(Adds details on ownership structure, analyst comment)
By Euan Rocha
TORONTO, Dec 23 (Reuters) - Shares in Reitmans Canada Ltd rose 6.9 percent on Monday, following an announcement by Fairfax Financial Holdings that it has acquired a sizable stake in the Canadian clothing retailer.
Toronto-based Fairfax, led by investor Prem Watsa, disclosed late on Friday that it now owns 13.8 percent of Reitmans’ Class A shares.
Fairfax’s investment makes it the second largest investor in the retailer behind a group of Reitmans’ directors and senior officers, who together control about 57 percent of the company’s common shares and 7 percent of its Class A non-voting shares.
Shares in Reitmans, which have fallen close to 60 percent in the last two years, rose 44 Canadian cents to C$6.79 in morning trading on the Toronto Stock Exchange.
Reitmans, which runs close to 900 stores under its banners such as RW & CO. Penningtons, Addition Elle, Thyme Maternity and its own namesake banner, has been facing stiff competition from a number of U.S. retailers that have expanded into the Canadian market.
The company has been shutting down underperforming stores, and earlier in December it disclosed that it had slashed its quarterly dividend payout to 5 Canadian cents a share, from 20 Canadian cents a share, due to disappointing results.
Fairfax, which has recently been in the spotlight for its investments in embattled smartphone maker BlackBerry Ltd , did not provide any detail on why it has acquired the stake in the Canadian retailer.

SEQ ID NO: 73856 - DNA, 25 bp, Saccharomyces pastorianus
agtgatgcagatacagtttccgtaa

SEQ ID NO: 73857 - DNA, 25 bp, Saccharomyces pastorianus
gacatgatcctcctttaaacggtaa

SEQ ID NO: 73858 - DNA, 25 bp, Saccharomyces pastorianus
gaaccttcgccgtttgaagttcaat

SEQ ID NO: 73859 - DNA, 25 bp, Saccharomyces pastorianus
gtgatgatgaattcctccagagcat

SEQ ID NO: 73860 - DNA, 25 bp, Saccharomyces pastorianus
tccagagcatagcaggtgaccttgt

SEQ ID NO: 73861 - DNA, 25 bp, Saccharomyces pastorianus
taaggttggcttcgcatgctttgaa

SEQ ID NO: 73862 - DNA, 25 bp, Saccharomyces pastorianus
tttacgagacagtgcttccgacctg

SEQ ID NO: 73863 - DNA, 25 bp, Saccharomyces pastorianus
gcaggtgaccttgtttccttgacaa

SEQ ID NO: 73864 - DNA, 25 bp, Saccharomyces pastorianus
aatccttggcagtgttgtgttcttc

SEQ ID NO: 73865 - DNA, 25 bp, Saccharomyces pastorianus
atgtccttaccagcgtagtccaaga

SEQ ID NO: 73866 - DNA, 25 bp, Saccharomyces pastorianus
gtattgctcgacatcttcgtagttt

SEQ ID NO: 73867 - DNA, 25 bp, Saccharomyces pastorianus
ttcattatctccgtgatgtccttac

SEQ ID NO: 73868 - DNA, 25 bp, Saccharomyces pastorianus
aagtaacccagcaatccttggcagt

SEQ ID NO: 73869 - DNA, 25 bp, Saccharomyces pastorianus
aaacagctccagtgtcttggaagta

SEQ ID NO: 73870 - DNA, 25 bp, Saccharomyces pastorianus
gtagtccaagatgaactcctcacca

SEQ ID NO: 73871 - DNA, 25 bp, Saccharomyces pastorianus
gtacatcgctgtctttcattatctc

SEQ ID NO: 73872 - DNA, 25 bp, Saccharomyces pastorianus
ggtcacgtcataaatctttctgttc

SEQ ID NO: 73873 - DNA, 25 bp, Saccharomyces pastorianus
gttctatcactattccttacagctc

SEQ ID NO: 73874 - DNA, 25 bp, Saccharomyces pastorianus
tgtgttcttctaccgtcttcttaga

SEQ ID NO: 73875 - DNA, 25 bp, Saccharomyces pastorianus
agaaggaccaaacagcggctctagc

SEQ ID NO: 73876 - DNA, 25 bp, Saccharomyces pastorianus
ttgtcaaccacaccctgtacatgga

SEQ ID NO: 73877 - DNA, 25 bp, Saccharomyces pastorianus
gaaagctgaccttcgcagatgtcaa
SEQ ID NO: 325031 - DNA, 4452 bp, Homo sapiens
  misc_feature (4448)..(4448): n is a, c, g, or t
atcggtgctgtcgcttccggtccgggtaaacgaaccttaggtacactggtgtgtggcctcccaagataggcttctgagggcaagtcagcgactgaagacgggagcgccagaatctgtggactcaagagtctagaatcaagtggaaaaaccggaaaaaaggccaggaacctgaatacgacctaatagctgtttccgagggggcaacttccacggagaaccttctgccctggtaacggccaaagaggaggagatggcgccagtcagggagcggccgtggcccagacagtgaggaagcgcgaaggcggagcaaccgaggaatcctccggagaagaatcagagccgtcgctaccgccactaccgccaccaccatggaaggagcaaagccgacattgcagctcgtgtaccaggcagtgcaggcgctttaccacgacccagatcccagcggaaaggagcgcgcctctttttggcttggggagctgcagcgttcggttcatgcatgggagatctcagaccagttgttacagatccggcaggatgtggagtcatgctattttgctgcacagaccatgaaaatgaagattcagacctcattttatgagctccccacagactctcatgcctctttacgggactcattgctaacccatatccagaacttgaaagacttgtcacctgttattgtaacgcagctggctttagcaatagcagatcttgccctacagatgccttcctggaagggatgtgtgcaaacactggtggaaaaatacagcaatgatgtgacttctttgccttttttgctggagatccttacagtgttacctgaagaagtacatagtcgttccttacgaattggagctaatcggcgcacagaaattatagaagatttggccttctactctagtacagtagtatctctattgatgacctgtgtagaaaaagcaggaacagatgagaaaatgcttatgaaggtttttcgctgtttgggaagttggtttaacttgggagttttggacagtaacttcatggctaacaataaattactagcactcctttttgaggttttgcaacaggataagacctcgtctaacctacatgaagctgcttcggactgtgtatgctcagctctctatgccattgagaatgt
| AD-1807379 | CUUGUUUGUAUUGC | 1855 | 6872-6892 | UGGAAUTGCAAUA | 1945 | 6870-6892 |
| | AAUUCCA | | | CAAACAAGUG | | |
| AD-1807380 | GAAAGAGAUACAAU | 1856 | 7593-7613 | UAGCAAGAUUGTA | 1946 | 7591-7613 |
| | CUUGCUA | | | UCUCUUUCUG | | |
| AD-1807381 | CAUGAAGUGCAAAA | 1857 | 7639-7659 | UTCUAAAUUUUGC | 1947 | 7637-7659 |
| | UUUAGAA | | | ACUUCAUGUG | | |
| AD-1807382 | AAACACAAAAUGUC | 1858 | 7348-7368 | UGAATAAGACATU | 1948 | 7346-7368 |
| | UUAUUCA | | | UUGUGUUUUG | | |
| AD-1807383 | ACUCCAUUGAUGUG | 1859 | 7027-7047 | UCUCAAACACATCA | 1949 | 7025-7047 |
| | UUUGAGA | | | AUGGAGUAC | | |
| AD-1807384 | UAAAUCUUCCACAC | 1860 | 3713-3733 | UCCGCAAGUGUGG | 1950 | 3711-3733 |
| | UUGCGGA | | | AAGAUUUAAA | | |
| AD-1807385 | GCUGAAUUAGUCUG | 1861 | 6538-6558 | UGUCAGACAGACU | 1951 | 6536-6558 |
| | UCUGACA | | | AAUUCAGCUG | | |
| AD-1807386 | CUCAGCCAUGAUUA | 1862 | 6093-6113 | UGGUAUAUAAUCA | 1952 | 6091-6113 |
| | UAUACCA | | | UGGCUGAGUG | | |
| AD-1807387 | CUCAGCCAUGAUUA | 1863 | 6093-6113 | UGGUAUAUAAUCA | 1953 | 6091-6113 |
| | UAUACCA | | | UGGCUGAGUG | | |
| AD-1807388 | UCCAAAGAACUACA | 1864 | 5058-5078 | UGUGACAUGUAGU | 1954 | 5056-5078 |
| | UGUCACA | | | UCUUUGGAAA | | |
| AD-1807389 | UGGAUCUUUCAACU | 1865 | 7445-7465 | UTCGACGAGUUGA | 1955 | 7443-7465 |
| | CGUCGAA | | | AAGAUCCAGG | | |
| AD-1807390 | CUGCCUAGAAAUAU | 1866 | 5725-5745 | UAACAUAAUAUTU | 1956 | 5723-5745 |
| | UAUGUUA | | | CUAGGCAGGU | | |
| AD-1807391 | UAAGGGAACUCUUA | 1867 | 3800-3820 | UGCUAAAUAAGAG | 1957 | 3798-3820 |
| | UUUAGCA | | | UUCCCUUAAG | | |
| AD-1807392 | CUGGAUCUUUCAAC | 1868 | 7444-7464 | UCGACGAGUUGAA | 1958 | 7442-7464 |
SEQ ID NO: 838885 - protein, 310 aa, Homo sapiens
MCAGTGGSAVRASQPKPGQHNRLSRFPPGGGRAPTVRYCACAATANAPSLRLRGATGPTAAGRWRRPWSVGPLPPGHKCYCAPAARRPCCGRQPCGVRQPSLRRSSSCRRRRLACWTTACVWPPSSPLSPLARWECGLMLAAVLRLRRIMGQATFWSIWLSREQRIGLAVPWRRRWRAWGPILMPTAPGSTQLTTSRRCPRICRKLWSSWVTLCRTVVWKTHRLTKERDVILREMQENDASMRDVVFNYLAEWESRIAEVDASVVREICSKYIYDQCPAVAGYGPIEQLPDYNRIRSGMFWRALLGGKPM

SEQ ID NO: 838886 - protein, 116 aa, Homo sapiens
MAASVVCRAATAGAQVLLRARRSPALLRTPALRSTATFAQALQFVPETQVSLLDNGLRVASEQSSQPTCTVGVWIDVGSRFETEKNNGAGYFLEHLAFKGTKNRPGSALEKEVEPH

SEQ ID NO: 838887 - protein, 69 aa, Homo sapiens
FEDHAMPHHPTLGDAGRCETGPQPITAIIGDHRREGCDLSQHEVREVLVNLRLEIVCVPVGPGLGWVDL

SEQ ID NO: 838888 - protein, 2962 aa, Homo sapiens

The financial services company, which controls a number of property and casualty insurance companies, said it continually reviews its investment alternatives and may purchase additional shares of Reitmans from time to time.
RBC Capital Markets analyst Tal Woolley said Fairfax’s move “could presage significant changes” at Reitmans, as the firm has helped turnaround small- to mid-cap-sized consumer companies in troubled situations.
Back in 2009, Fairfax stepped in to lend money to furniture retailer, The Brick, when it was in financial trouble. It named new management at the company and eventually helped orchestrate its merger with Leon’s Furniture Ltd late in 2012.
Woolley however noted that it is not clear whether Fairfax’s investment has been previously discussed with, or is welcomed by the Reitman family, which still owns a controlling stake in the company.
“With the family having voting control, it will be challenging to effect broader organizational changes without their blessing,” he wrote in a note to clients.
Fairfax and Reitmans were not immediately reachable for any comment. (Reporting by Euan Rocha; Editing by Chris Reese and W Simon)